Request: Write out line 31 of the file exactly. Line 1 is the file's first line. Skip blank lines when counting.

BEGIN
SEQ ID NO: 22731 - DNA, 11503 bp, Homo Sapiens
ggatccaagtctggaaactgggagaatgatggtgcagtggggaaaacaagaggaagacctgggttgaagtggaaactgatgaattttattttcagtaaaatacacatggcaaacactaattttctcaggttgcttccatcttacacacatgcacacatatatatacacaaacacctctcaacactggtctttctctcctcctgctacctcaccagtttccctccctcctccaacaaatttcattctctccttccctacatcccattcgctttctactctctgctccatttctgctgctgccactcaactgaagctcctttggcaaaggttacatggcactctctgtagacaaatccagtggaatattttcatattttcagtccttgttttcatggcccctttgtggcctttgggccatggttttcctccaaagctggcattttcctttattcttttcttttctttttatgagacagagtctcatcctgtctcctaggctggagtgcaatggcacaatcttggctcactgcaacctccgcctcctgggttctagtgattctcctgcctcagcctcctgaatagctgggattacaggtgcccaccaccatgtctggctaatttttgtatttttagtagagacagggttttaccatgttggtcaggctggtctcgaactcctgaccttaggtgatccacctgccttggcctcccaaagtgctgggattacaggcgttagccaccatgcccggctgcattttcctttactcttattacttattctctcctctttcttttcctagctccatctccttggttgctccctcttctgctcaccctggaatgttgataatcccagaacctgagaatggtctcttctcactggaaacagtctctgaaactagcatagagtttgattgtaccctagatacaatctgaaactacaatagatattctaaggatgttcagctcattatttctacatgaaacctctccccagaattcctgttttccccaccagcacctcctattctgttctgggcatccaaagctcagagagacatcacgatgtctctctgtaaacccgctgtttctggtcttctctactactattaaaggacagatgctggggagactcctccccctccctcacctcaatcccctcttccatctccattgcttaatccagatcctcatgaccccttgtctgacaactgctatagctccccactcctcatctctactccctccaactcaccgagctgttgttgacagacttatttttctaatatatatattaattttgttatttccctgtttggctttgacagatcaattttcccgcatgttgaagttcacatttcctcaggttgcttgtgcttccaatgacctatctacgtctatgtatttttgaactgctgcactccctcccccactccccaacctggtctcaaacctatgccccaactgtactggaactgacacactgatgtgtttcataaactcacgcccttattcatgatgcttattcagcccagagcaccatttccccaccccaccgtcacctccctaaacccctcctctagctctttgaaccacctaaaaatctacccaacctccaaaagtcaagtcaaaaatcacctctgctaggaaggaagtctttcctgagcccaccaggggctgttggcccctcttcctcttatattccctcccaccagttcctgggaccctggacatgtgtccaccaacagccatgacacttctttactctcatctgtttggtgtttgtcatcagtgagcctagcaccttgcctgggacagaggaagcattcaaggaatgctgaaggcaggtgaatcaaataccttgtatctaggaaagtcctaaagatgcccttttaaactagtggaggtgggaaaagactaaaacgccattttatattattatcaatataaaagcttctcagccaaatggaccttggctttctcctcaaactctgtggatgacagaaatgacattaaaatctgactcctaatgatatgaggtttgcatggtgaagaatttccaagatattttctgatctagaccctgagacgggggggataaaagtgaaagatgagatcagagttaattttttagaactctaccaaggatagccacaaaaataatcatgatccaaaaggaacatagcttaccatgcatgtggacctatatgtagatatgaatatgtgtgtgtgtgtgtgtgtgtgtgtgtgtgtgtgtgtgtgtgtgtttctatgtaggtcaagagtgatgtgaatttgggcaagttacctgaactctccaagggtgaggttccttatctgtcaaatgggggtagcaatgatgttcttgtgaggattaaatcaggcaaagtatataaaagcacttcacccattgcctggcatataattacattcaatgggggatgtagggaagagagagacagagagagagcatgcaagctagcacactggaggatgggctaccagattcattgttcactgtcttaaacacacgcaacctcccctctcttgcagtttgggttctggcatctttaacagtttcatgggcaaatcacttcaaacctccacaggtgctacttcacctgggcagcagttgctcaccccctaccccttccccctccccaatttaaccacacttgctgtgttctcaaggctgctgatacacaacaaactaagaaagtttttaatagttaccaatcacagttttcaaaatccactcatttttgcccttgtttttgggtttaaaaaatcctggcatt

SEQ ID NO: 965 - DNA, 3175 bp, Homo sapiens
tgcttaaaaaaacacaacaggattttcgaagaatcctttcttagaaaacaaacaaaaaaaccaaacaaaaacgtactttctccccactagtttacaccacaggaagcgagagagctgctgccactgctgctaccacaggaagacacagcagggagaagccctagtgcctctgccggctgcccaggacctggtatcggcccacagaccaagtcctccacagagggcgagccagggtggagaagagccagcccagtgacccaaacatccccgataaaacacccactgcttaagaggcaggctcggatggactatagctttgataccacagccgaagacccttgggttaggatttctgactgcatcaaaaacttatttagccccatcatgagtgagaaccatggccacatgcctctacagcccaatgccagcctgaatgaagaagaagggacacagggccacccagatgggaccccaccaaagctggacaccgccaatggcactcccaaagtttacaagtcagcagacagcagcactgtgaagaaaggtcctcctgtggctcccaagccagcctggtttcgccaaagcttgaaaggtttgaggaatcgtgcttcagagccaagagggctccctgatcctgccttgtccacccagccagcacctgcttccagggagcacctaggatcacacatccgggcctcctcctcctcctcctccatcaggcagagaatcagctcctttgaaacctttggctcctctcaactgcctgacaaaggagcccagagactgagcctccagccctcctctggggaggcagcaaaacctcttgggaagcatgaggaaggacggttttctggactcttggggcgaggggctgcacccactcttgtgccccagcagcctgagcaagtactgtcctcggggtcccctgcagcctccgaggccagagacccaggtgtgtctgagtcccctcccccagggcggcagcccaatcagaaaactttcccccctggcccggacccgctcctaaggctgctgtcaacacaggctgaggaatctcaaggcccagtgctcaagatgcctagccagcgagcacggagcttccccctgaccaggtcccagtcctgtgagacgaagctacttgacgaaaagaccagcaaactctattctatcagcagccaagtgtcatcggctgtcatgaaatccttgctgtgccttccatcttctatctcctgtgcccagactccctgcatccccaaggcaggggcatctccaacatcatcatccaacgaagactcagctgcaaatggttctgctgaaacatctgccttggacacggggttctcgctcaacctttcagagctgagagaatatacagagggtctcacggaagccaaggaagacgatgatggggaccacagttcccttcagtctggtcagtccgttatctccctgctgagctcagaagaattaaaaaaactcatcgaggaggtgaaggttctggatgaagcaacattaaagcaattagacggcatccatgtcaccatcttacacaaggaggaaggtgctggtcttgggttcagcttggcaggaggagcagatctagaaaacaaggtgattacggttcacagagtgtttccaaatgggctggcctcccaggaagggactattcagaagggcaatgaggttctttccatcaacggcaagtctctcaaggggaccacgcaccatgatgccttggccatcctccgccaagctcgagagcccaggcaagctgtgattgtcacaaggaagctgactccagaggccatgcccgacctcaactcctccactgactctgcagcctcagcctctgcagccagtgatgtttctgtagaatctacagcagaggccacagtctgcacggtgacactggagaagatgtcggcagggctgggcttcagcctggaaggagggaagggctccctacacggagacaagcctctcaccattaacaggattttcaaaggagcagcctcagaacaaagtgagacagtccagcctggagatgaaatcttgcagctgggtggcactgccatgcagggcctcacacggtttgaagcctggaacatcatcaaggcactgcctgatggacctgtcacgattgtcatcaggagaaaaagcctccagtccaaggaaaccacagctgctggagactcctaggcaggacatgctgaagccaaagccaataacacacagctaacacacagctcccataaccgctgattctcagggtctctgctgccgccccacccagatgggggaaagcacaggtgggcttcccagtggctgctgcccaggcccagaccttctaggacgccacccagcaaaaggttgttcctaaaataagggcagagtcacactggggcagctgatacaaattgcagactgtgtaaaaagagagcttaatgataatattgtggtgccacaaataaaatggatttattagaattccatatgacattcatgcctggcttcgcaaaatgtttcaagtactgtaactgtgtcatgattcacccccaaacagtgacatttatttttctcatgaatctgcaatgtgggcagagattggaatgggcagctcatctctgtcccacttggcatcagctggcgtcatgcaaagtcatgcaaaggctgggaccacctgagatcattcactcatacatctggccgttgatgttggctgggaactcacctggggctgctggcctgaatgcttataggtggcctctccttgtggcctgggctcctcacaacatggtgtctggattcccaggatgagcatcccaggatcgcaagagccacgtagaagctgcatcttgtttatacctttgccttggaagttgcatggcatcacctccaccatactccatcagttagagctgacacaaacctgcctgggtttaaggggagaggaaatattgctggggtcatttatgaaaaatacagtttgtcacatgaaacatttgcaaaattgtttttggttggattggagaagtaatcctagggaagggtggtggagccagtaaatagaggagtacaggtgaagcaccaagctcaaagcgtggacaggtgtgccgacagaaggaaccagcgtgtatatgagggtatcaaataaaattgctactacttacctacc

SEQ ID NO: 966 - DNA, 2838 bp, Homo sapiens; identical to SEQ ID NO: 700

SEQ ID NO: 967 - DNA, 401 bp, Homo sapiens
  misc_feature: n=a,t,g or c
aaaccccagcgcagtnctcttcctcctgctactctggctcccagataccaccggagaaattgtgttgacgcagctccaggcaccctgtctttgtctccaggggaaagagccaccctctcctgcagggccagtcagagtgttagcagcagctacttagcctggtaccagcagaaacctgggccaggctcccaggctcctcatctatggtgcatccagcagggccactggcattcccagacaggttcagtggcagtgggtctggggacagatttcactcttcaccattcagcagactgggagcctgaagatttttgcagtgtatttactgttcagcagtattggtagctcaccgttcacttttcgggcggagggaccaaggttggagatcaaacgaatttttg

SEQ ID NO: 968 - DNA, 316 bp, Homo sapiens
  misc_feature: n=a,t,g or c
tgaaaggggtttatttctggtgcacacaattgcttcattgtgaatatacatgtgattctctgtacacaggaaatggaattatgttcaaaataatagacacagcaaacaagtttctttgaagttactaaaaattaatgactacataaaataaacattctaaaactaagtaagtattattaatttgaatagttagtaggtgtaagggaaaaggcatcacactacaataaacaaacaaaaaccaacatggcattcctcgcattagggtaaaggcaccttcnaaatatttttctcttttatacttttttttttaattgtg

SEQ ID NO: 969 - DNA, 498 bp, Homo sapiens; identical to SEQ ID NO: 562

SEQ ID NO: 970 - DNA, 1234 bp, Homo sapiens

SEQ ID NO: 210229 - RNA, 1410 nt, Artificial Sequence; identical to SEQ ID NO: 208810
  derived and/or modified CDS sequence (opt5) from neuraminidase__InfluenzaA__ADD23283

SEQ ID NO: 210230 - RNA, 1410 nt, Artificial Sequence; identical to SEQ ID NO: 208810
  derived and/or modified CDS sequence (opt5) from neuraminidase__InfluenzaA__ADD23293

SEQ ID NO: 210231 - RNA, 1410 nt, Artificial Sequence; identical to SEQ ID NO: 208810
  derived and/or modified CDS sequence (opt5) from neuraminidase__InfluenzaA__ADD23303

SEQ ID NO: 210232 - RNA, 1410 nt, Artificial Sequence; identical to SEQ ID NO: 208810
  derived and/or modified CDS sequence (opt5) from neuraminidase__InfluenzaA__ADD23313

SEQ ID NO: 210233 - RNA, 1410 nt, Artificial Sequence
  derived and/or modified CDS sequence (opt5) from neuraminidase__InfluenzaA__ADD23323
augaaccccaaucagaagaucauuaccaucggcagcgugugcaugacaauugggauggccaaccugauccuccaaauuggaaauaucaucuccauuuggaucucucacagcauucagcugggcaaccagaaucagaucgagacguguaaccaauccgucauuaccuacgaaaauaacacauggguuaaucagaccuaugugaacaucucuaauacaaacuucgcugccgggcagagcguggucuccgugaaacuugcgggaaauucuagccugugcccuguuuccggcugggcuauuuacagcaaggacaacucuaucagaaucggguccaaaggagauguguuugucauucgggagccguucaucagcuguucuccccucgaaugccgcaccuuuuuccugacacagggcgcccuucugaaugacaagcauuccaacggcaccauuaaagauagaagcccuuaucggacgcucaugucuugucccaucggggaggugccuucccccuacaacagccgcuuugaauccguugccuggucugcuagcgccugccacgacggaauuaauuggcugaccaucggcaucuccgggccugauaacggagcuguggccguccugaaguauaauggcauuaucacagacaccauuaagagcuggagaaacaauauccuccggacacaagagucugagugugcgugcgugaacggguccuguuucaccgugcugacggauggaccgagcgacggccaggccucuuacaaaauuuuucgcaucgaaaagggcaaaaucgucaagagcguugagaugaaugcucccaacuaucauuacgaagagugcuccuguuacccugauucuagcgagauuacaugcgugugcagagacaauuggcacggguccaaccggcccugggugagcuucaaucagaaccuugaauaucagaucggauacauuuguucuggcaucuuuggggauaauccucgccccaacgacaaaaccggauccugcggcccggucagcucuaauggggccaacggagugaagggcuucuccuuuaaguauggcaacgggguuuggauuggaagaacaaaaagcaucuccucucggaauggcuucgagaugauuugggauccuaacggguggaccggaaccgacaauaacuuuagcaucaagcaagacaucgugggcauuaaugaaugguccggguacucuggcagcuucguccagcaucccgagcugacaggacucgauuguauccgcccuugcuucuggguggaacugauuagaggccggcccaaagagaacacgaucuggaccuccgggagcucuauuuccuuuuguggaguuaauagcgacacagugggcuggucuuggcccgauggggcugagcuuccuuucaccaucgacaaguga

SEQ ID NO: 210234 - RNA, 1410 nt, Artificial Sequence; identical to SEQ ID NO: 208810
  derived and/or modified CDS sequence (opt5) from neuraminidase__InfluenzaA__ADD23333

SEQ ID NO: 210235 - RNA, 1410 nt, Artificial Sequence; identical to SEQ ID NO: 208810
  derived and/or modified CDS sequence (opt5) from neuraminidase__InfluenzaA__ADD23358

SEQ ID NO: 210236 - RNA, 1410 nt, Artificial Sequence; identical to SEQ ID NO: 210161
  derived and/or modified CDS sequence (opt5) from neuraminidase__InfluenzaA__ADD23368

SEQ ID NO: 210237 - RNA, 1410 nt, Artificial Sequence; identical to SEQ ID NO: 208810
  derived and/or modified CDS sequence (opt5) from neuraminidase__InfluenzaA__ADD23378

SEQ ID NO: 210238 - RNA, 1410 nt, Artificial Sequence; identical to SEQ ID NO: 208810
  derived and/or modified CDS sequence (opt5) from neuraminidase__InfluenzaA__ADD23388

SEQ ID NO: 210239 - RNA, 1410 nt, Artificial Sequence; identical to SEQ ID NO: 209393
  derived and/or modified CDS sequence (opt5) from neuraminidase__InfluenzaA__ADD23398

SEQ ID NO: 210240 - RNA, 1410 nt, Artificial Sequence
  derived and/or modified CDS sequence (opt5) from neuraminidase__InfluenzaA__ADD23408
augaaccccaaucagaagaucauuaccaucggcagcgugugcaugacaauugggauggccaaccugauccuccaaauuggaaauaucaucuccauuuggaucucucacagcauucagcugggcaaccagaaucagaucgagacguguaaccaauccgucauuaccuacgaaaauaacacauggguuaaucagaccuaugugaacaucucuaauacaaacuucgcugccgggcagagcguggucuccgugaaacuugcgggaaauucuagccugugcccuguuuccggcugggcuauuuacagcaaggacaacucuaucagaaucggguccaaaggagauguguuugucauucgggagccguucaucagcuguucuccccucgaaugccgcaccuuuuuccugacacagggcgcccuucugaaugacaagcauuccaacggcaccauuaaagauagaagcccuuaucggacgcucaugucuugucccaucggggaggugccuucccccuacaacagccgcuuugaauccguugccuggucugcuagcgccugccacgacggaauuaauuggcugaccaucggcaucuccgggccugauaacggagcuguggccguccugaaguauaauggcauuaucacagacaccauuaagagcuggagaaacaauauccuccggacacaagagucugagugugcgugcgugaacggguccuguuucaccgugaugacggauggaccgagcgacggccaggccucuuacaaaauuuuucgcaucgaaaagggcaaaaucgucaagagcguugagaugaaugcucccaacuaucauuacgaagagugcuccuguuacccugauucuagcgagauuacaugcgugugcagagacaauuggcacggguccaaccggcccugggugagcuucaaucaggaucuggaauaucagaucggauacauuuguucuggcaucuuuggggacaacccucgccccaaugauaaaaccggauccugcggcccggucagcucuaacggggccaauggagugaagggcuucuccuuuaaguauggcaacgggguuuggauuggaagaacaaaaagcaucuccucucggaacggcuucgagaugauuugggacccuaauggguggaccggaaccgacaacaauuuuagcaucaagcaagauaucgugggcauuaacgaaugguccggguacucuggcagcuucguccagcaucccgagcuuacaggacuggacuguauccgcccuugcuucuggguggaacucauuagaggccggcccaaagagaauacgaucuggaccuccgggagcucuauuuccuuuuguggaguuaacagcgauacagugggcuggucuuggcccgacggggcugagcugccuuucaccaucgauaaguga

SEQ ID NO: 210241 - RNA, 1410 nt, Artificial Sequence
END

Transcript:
SEQ ID NO: 210237 - RNA, 1410 nt, Artificial Sequence; identical to SEQ ID NO: 208810